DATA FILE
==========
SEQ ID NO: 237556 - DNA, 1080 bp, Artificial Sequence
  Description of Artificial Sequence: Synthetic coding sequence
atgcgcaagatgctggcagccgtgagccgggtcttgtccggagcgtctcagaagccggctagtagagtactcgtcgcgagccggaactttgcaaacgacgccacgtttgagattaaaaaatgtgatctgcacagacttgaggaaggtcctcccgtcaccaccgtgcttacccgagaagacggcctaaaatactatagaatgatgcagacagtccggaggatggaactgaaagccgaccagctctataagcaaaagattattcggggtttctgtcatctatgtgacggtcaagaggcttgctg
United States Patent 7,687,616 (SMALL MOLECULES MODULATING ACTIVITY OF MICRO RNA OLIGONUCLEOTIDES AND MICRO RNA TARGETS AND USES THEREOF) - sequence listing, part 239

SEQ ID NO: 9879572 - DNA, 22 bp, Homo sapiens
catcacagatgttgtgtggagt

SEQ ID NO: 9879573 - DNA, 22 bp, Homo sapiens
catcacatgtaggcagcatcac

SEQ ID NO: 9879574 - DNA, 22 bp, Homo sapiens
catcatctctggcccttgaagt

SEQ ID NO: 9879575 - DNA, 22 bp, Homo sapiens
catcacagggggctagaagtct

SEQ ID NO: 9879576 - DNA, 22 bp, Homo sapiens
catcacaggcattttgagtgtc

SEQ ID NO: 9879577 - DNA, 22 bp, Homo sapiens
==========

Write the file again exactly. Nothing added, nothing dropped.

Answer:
SEQ ID NO: 237556 - DNA, 1080 bp, Artificial Sequence
  Description of Artificial Sequence: Synthetic coding sequence
atgcgcaagatgctggcagccgtgagccgggtcttgtccggagcgtctcagaagccggctagtagagtactcgtcgcgagccggaactttgcaaacgacgccacgtttgagattaaaaaatgtgatctgcacagacttgaggaaggtcctcccgtcaccaccgtgcttacccgagaagacggcctaaaatactatagaatgatgcagacagtccggaggatggaactgaaagccgaccagctctataagcaaaagattattcggggtttctgtcatctatgtgacggtcaagaggcttgctg
United States Patent 7,687,616 (SMALL MOLECULES MODULATING ACTIVITY OF MICRO RNA OLIGONUCLEOTIDES AND MICRO RNA TARGETS AND USES THEREOF) - sequence listing, part 239

SEQ ID NO: 9879572 - DNA, 22 bp, Homo sapiens
catcacagatgttgtgtggagt

SEQ ID NO: 9879573 - DNA, 22 bp, Homo sapiens
catcacatgtaggcagcatcac

SEQ ID NO: 9879574 - DNA, 22 bp, Homo sapiens
catcatctctggcccttgaagt

SEQ ID NO: 9879575 - DNA, 22 bp, Homo sapiens
catcacagggggctagaagtct

SEQ ID NO: 9879576 - DNA, 22 bp, Homo sapiens
catcacaggcattttgagtgtc

SEQ ID NO: 9879577 - DNA, 22 bp, Homo sapiens